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Is it safe to drink caffeine if I have glaucoma? PDF Print E-mail
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Friday, 04 October 2013 10:43

Caffeine produces a few physiological effects, including slightly raised blood pressure and increased heart rate. It is a vasoconstrictor (i.e. it affects blood vessels) and it also affects muscle contractility; these things, infact do make it possible for caffeine to have a slight effect on eye pressure. In a study of 63 adults, healthy young adults were given varying doses of caffeine, and in the high-dose group (taking 340mg caffeine) there was a statistically significant but relatively small rise of over 2mmHg after 90 minutes. Infact there was little change between groups when IOPs were measured only 30 minutes after drinking caffeine. Caffeine is in a number of products, including coffee, tea, coca cola, energy drinks and chocolate.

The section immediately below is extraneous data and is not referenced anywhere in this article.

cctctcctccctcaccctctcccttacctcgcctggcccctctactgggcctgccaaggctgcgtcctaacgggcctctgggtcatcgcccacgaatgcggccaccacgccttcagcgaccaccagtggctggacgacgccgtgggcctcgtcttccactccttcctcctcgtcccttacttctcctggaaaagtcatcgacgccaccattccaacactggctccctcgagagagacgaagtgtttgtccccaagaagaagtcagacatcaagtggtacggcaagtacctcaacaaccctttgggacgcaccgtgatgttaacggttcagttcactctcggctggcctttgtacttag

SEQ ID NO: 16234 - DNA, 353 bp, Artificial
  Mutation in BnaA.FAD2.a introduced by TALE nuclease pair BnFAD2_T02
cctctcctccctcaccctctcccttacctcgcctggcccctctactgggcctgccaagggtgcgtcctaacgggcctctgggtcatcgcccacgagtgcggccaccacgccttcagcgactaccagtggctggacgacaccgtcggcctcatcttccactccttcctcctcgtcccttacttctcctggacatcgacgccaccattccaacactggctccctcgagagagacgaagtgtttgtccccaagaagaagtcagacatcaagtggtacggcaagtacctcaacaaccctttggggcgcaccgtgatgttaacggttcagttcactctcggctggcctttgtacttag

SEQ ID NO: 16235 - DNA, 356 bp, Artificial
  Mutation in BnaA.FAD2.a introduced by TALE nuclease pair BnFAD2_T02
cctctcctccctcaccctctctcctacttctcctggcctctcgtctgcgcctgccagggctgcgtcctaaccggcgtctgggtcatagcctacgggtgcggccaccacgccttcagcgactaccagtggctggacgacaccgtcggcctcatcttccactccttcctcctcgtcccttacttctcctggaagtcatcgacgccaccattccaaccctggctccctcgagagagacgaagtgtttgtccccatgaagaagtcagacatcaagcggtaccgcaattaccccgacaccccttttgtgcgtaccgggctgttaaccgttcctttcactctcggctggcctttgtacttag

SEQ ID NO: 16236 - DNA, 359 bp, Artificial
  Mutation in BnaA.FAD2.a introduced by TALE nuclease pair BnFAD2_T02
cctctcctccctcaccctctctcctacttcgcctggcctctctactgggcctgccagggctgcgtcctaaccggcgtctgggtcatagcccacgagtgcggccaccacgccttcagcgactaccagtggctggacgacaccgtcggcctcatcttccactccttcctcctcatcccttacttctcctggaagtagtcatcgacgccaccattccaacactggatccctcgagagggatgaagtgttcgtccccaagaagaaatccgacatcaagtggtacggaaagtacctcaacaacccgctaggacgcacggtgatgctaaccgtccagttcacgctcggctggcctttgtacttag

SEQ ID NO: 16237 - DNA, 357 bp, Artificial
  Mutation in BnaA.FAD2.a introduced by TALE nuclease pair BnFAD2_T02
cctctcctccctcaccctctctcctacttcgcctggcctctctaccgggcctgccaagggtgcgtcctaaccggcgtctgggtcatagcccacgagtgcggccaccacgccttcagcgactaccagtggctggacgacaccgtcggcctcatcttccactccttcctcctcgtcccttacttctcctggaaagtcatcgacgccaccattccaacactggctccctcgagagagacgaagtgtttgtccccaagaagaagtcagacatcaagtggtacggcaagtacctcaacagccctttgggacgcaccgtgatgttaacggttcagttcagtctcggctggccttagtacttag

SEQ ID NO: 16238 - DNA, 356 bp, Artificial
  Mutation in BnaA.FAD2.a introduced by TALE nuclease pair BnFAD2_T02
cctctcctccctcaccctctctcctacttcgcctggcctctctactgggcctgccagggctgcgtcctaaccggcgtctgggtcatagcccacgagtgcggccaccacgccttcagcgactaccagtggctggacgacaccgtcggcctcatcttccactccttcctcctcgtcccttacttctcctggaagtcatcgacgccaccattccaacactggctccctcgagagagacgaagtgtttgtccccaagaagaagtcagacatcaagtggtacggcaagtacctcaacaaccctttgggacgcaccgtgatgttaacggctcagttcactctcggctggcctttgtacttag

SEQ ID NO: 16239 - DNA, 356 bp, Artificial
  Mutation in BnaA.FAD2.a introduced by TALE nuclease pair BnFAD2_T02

Here is a list of the approximate amounts of caffeine in various drinks and foods:

Coffee 140mg

Expresso (single shot) 106mg

Grande cup of coffee (16 oz) 300mg

Starbucks Tall coffee 260mg

Coke Zero 45mg

Diet coke 45mg

Fanta 0mg

Mountain Dew 54mg

Pepsi Max 69mg

Lipton iced tea 48mg

Green tea 25mg (typically there is less caffeine in green tea varieties)

Patients who have glaucoma or ocular hypertension, who are heavy coffee drinkers, or who have a high intake of caffeine, should be advised to limit their consumption.

green tea is it safe for glaucoma
Green tea has a relatively low caffeine content

Last Updated on Monday, 21 September 2015 21:40